Sunday, September 23, 2007

U.S. Spends $720 Million Daily on Iraq War: Washington Post

According to this Washington Post story the United States' Iraqi war effort is costing Americans a staggering $720,000,000 per day.

I'll repeat that: $720 million a day.

The money spent on one day of the Iraq war could buy homes for almost 6,500 families or health care for 423,529 children, or could outfit 1.27 million homes with renewable electricity, according to the American Friends Service Committee, which displayed those statistics on large banners in cities nationwide Thursday and Friday.

The war is costing $720 million a day or $500,000 a minute, according to the group's analysis of the work of Nobel Prize-winning economist Joseph E. Stiglitz and Harvard public finance lecturer Linda J. Bilmes.

The Post story also contains this stupefying nugget, in answer to those rather compelling mathematics:

But some supporters of the Bush administration's policy in Iraq say that even if the war is costly, that fact is essentially immaterial.

"Either you think the war in Iraq supports America's national security, or not," said Frederick W. Kagan, a resident scholar at the American Enterprise Institute.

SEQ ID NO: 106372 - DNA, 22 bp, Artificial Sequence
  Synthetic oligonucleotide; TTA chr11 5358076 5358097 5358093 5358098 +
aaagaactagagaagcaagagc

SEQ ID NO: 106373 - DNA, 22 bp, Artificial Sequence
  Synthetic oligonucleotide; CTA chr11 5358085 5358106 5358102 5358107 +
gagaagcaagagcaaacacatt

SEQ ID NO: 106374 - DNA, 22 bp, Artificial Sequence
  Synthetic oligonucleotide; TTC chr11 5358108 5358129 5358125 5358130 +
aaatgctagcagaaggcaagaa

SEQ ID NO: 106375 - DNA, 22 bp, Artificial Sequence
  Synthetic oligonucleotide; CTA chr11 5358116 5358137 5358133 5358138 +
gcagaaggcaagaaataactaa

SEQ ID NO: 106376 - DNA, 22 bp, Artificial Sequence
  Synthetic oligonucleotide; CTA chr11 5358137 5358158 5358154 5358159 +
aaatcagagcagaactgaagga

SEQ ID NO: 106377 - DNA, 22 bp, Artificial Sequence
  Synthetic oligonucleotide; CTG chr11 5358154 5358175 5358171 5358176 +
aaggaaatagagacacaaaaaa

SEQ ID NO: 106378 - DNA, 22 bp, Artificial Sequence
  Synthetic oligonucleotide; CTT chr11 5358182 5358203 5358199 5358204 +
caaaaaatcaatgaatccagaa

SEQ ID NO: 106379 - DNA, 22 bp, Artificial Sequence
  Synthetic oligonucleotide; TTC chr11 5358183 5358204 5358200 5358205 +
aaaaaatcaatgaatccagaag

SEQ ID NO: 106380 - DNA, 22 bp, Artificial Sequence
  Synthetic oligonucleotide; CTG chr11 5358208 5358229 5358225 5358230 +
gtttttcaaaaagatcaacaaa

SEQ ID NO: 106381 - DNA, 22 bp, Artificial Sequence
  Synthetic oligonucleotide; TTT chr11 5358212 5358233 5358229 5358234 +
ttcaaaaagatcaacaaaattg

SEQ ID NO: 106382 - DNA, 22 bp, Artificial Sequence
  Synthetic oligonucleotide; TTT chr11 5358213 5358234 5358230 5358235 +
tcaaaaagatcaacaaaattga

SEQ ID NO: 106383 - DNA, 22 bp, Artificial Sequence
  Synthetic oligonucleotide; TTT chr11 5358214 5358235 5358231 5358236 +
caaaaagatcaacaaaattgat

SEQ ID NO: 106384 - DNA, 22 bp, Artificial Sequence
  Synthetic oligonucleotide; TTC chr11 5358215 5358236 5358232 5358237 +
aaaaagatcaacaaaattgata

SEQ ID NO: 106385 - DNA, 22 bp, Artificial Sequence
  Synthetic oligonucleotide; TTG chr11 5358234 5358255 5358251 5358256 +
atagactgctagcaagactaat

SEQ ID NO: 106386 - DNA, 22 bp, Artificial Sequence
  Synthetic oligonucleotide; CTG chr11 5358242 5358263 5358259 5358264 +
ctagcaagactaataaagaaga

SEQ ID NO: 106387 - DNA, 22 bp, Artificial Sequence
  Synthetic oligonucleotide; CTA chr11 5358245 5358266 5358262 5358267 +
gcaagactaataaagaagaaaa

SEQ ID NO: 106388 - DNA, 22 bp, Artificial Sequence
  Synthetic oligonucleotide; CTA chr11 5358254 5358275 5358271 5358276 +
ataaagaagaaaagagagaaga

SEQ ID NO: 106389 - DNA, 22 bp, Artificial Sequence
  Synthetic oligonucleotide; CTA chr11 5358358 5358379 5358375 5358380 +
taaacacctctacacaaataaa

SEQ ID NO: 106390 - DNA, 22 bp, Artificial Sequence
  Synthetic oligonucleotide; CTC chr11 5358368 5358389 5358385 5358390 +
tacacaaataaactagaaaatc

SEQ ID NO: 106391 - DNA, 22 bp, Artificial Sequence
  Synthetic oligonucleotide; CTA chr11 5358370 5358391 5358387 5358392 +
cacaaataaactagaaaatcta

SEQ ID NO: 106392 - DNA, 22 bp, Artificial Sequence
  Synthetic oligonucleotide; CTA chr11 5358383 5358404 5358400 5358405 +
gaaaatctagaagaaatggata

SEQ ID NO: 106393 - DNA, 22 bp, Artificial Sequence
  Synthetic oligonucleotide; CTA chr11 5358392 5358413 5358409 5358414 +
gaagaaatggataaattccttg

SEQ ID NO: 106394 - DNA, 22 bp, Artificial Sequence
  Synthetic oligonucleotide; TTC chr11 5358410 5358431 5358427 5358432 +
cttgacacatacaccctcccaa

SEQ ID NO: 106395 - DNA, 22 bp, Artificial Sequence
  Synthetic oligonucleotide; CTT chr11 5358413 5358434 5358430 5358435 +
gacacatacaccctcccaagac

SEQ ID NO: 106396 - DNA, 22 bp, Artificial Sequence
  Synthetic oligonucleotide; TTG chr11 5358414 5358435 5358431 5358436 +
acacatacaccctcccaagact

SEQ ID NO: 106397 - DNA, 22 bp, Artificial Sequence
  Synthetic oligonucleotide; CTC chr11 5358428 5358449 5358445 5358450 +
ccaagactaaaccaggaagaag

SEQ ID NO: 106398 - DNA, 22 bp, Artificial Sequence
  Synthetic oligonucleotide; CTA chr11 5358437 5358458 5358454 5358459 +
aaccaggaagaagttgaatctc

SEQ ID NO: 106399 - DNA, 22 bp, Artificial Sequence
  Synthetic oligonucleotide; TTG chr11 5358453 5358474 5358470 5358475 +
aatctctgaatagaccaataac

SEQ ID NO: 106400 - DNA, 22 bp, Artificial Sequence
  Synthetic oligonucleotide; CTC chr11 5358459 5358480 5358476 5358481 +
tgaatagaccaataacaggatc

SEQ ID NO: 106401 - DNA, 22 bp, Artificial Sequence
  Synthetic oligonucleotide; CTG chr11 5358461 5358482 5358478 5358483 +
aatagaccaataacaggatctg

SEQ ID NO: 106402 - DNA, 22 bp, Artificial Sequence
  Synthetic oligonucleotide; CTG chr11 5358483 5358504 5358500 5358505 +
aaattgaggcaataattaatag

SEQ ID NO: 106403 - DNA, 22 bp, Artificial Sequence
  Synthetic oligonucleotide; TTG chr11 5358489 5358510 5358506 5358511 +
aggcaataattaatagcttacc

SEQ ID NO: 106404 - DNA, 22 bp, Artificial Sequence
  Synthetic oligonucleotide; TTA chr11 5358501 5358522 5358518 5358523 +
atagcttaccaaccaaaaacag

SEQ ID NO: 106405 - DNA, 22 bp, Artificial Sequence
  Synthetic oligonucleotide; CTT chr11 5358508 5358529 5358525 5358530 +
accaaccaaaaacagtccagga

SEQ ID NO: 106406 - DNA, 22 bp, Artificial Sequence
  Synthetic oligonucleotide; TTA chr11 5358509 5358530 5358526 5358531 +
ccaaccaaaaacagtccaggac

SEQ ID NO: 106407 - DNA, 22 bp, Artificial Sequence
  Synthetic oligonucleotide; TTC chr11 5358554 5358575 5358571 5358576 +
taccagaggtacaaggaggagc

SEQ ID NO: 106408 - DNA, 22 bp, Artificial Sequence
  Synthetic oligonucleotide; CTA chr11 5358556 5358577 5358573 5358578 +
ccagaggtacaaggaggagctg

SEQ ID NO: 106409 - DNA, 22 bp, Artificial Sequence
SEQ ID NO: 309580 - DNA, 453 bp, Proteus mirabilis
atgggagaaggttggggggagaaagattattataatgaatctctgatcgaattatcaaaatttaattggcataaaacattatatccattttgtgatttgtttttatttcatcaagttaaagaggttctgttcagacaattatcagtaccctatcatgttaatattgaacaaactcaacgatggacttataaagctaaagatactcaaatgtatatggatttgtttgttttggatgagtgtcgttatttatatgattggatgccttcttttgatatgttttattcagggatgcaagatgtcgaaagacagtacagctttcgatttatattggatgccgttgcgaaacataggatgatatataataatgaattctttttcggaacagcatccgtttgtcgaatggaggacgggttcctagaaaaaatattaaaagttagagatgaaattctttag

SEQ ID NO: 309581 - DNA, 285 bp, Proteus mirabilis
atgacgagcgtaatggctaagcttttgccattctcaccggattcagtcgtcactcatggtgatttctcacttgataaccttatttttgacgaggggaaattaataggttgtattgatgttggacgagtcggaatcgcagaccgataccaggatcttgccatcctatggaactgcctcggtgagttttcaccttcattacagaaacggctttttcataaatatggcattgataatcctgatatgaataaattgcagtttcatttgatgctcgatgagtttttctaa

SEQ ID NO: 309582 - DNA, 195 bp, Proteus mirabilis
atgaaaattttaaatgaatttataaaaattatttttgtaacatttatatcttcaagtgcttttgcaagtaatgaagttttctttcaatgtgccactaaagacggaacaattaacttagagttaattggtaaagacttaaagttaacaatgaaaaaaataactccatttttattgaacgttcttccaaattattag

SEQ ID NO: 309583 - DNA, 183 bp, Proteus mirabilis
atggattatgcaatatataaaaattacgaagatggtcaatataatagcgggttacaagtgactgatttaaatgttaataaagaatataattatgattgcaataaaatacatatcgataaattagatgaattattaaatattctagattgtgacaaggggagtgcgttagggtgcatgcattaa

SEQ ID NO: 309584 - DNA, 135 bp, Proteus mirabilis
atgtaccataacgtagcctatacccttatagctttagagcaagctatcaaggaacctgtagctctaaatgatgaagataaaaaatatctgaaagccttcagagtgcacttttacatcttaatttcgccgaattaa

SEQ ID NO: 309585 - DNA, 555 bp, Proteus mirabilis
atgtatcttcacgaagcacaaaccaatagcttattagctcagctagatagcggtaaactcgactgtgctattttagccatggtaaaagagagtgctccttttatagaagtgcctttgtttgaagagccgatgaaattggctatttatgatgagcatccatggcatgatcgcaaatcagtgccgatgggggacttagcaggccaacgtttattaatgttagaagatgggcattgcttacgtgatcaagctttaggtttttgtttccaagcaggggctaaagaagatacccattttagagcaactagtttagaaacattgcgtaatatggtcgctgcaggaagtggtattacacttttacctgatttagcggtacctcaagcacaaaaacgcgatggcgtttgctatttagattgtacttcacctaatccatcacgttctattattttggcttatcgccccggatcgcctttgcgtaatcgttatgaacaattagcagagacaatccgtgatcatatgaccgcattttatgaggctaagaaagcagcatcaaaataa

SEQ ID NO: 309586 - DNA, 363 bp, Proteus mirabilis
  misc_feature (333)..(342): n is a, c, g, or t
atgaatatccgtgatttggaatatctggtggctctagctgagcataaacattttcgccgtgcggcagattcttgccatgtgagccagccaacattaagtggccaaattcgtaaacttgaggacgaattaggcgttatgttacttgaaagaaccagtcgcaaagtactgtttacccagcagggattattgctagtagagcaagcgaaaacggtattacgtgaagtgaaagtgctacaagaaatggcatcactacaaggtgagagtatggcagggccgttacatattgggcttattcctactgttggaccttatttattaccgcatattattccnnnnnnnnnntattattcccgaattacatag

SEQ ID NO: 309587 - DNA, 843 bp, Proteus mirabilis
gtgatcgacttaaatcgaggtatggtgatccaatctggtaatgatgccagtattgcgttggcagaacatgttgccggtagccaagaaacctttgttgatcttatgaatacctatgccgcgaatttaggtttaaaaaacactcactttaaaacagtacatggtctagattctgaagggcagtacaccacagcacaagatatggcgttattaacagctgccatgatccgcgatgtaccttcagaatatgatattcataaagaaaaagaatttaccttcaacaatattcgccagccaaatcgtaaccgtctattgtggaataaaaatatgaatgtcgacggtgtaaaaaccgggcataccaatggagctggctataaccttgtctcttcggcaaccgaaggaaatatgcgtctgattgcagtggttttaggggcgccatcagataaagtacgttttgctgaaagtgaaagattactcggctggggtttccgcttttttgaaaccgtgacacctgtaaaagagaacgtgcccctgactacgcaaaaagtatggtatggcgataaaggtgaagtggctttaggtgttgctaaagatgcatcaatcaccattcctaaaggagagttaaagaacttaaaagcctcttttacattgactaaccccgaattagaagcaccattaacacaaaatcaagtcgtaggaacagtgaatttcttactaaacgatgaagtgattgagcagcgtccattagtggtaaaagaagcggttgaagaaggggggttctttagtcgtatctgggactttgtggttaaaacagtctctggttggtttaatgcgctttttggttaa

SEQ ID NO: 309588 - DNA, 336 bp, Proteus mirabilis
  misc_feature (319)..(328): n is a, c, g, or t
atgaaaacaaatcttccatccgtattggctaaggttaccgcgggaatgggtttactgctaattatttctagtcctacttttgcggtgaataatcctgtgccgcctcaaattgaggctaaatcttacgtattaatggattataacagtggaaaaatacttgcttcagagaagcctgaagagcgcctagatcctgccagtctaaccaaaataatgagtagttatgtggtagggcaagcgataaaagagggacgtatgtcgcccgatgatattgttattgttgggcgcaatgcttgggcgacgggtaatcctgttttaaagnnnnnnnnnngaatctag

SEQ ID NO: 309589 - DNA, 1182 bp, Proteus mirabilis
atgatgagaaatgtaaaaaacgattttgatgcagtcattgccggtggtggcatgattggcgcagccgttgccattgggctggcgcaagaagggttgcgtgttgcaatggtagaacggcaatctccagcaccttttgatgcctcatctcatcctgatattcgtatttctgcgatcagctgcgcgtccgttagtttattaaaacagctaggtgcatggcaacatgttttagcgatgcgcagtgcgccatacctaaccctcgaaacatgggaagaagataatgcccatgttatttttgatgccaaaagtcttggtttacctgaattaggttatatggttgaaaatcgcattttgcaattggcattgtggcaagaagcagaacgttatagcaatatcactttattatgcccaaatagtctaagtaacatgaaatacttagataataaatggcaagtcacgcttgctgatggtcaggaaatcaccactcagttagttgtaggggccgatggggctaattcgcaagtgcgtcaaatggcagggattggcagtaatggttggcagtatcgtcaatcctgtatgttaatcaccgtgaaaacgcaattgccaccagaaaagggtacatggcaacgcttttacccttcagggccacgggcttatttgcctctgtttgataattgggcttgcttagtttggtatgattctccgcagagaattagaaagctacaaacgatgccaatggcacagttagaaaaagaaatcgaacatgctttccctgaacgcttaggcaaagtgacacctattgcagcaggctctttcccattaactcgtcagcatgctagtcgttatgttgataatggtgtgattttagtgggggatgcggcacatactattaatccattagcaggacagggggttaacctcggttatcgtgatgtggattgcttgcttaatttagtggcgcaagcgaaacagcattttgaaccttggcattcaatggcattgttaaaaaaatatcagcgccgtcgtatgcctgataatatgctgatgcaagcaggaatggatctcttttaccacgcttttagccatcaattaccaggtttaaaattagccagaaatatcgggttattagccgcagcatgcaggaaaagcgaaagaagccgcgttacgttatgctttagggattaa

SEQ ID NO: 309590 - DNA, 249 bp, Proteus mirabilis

"If you think national security won't be harmed by withdrawing from Iraq, of course you would want to see that money spent elsewhere. I myself think that belief, on a certain level, is absurd, so the question of focusing on how much money we are spending there is irrelevant."



For but one example of the way that view of "relevance" translates into actual budgetary policy, see this CNN story:

Bush vows to veto bipartisan kids' health care bill

A bipartisan group of lawmakers announced a proposal Friday that would add $35 billion over five years to the [Children's Health Insurance Program], adding 4 million people to the 6.6 million already participating. It would be financed by raising the federal cigarette tax by 61 cents to $1 per pack.

But Bush has promised a veto, saying the measure is too costly, unacceptably raises taxes, extends government-covered insurance to children in families who can afford private coverage, and seems like a move toward completely federalized health care (emphasis added).

There are an estimated 9 million kids in America without health insurance coverage.

Based on the Washington Post estimates, the annual medical expenses for every one of them could be paid with just a bit over three weeks of the war's allocated budget.

Not a bad trade-off at all.

But that's not how it goes in Washington: see Team Bush Wants $50B More for ‘08 Military Budget.

- Garry J. Wise, Toronto

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